T Nation

Quad Injury Rehab?


#1

Anyone suffered an upper quad injury, most likely a rectus femoris strain or tear that may know some rehab exercises or protocols for it? I've taken the last 7 weeks off of any quad work other then stretching and bodyweight squats trying to work through any strain/partial tears. I can't go see a doctor (no insurance), and am too broke for anything expensive. So if anyone has any links or info regarding how I can rehab it other then just basic RICE protocol I'd greatly appreciate it.


#2

I tore my quad (Grade 2) about 3 years ago. I’ve now surpassed my previous back squat numbers. It takes a while to heal and frankly I still have mental battles with myself about stepping under a heavy (for me) barbell.

The very best things I did for it were taking time off (as you seem to have done), and then single leg squat variations: Bulgarian split squats, step-ups, etc. I made/make sure I went through a full ROM rather than just trying to load the bar up.

I’m not a doctor; just thought I ought to mention that.


#3

Use a foam roller/massage tool on the area before and after training to reduce adhesions. Use higher reps for your therapy, but occasionally drop the volume down every so often if fatigue is setting in. Only do the exercises that you can tolerate, but stick with light loads. Remember, for every bad rep, it takes multiple reps of correct form to heal an injury(assuming it was exercise related).

And lasty, focus on sleeping well and eating like a horse. Recovery is just as important as exercise, and neglecting that will keep you in pain longer than you want to.


#4

Hard to say without seeing you, but here’s some advice and 3 good rehab exercises for hip flexors/quads.

Firstly, you can lie on the ground, or wherever, with your leg out straight and place something like a rolled up towel or padding under your knee. What you want to do is press down into the pad and hold this for 3-5 seconds. Ideally you want to do this to an intensity of about a 6/7 out of 10, and look to repeat 6-10 times, 1-2 sets. Repeat 3-4x per week.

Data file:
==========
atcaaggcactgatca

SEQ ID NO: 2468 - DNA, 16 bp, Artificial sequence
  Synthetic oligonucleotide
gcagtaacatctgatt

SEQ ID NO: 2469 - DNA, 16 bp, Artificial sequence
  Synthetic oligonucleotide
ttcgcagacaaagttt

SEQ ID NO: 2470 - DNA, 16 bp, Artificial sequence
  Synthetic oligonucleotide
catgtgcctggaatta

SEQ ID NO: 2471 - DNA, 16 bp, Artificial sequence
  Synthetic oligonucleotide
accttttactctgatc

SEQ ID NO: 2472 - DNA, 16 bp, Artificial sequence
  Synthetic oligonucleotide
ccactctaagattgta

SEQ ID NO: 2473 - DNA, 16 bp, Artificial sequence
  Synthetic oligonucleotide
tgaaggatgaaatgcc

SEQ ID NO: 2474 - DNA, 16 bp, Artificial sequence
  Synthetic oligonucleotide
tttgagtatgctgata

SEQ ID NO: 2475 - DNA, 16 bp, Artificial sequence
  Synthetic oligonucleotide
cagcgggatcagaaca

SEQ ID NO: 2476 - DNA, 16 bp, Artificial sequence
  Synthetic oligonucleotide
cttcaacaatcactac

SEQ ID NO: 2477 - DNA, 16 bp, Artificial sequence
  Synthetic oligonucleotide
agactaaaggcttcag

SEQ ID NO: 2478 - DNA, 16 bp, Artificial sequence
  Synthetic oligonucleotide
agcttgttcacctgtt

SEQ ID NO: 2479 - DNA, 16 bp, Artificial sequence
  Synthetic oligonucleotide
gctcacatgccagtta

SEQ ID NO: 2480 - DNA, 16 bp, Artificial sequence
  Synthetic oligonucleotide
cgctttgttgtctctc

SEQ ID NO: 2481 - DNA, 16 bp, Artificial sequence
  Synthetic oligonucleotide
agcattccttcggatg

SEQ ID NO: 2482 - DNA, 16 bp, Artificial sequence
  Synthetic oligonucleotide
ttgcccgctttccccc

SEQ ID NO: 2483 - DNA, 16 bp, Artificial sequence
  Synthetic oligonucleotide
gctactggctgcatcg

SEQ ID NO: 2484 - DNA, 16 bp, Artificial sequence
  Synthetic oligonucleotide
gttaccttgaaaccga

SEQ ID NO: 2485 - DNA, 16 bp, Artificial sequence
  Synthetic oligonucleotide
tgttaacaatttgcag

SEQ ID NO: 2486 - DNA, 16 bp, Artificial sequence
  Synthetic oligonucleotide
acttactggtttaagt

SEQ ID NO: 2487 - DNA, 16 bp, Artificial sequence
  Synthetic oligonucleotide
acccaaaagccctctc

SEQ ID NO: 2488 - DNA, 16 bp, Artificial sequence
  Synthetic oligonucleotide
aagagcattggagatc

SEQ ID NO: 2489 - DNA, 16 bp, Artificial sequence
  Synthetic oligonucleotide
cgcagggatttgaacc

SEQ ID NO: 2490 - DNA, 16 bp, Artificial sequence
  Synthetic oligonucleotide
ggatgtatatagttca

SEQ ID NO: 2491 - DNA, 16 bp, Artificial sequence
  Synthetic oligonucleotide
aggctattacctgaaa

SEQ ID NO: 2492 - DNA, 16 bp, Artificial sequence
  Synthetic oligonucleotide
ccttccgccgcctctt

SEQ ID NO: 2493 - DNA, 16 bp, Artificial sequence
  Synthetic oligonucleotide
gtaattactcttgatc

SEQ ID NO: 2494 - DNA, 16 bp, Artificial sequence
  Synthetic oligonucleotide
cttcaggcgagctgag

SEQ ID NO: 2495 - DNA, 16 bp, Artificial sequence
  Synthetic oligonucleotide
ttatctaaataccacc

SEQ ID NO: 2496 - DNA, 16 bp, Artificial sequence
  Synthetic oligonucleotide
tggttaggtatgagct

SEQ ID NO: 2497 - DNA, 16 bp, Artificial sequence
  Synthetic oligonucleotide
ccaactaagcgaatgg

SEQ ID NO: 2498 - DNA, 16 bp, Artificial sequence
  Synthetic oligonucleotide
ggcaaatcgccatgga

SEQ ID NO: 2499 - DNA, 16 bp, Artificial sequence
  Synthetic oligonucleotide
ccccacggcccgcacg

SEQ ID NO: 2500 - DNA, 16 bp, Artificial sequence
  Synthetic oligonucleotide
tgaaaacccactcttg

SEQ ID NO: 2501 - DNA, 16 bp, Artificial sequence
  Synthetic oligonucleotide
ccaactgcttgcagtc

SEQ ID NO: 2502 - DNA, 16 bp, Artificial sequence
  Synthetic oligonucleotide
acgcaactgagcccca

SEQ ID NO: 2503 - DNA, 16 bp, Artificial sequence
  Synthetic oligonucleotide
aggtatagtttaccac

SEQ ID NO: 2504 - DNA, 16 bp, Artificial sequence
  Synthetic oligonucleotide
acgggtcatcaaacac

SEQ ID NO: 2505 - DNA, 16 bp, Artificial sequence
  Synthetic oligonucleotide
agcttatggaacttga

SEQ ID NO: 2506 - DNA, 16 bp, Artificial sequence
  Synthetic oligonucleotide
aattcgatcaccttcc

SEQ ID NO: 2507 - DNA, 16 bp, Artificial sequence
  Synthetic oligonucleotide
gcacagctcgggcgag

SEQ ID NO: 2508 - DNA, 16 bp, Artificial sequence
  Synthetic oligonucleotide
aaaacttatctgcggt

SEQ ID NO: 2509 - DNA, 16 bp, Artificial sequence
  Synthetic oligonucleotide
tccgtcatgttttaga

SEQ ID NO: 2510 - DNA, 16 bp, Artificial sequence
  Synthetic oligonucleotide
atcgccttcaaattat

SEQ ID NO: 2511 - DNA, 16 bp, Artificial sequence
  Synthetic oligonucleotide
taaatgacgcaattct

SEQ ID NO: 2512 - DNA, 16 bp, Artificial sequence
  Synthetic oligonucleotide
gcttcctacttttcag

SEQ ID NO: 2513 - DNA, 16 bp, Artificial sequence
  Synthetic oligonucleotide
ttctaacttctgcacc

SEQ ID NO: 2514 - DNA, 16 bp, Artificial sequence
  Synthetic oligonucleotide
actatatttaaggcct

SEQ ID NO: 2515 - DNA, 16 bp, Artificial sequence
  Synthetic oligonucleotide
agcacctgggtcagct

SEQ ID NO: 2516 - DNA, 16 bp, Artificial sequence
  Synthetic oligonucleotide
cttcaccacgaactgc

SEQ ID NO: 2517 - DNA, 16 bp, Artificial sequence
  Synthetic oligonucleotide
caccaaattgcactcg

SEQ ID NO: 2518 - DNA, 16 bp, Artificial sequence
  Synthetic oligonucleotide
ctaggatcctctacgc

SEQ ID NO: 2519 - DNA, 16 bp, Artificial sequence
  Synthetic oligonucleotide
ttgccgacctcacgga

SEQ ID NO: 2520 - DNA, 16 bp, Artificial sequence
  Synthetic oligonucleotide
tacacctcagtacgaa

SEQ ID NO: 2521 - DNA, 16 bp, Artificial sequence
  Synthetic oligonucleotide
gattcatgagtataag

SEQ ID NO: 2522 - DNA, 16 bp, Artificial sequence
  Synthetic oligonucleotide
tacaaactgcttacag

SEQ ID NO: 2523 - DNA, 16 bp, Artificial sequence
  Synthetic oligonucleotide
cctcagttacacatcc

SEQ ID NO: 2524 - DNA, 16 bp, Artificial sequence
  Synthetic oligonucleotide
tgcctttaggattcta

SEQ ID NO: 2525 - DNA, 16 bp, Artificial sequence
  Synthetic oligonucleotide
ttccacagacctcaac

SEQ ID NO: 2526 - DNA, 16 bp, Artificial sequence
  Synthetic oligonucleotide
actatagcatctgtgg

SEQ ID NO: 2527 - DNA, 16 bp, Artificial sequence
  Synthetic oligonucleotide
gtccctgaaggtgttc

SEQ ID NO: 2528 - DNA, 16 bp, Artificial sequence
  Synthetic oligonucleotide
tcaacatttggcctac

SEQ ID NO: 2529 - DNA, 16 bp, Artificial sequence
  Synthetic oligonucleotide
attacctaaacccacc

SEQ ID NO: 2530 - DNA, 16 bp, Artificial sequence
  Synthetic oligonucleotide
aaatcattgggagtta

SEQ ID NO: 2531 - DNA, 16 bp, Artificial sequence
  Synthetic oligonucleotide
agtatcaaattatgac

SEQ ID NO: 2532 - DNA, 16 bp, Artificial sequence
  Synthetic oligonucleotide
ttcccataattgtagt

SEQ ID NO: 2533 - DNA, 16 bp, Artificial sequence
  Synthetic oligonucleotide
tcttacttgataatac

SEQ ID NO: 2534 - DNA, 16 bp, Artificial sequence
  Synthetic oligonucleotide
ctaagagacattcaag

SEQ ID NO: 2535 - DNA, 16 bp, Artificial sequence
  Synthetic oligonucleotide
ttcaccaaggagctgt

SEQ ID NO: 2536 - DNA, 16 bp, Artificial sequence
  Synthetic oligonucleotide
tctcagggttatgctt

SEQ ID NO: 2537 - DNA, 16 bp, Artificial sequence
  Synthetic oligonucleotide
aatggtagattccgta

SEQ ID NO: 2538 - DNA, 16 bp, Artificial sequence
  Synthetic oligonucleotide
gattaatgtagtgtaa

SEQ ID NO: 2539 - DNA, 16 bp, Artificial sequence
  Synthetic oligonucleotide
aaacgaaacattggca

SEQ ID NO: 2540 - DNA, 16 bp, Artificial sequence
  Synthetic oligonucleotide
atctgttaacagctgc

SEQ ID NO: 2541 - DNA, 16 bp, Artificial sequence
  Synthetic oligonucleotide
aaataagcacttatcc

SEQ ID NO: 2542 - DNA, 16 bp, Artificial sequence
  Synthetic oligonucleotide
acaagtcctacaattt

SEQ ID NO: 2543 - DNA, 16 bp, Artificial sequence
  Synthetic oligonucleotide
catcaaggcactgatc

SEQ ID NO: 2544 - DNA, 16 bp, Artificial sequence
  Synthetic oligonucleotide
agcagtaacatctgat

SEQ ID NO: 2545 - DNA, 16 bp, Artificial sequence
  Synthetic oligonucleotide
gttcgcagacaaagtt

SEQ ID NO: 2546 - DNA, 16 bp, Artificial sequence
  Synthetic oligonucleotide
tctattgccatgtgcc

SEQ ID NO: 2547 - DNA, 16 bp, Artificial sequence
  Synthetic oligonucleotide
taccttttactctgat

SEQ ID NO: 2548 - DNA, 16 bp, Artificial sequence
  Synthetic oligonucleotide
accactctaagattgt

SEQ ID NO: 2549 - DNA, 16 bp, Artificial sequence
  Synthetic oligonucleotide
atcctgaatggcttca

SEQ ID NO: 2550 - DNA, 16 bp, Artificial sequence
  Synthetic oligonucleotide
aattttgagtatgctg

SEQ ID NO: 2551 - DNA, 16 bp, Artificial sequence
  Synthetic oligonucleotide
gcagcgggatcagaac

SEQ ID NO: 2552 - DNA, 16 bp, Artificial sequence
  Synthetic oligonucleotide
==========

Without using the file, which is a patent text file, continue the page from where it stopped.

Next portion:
Another exercise is to do a simple wall squat (with out without a ball to aid movement), squat down to 90 degrees knee flexion, place both fists between knees, squeeze and hold for 2-3 seconds, then stand back up. Repeat similar to above.

Isolated Hip Flexion Work. Lie on your back with the leg you want to train fully extended. Bend the other leg up (foot flat on floor) for a bit of stability. What you want to do is take your leg out about 20-30 degrees to the side of your body (abduction), ROTATE IT so your toes are facing outwards (external rotation), then slowly lift your leg up from the floor to around a 60-70 degree angle, pause, then lower it back down (KEEPING THE LEG EXTERNALLY ROTATED AND ABDUCTED the whole time). You can add pauses and holds in to strengthen the deep hip flexors as much as you like. Again, aim for around 6-8 reps per leg, 2-3 sets, 3-4 times per week. This can be progressed using a cable machine and appropriate attachment on the end of the leg.

If you can handle these exercises fine already, progress into step-ups and basic squat-type progressions.

If these 3 exercises above target areas where you are feeling it, do them for 2-4 weeks and see how you go. There’s nothing wrong with cycling/stepper/crosstrainer type movements to facilitate getting the leg back into good shape for the big work.

Just be patient and take your time.


#5

Try soaping up and knuckling in to the injured area in the shower, again the ideas to break down the adhesions. Then give it some good stretching.


#6

Try soaping up and knuckling in to the injured area in the shower, again the ideas to break down the adhesions. Then give it some good stretching.


#7

If you’ve still got scar tissue to break down another fun idea (like the soap and knuckle and roller pads) is to use a can of coke or something similar, roll it in deep then up and down the affected area.


#8

Also, since its a quad strain its quite easy to use your thumbs on it while sitting at the computer etc, gives you more frequency without inconvenience.

I second high rep step ups and body weight squats when you can handle them. For a low-grade strain, where you don’t really swell noticeable or can’t feel a hole in the muscle, you could probably go straight for the body weight exercises and skip the isolation work.


#9

Thanks for all the replies. I’ve been foam rolling for about 2 weeks and although it hurts like a bitch, it’s all I can really do. I’m pretty sure I hurt it originally squatting. Oddly enough squatting still hurts, rowing does not (rowing as in the sport on the water and on the ergometer). I’m debating if it is a quad injury or a possible groin/hip flexor due to this.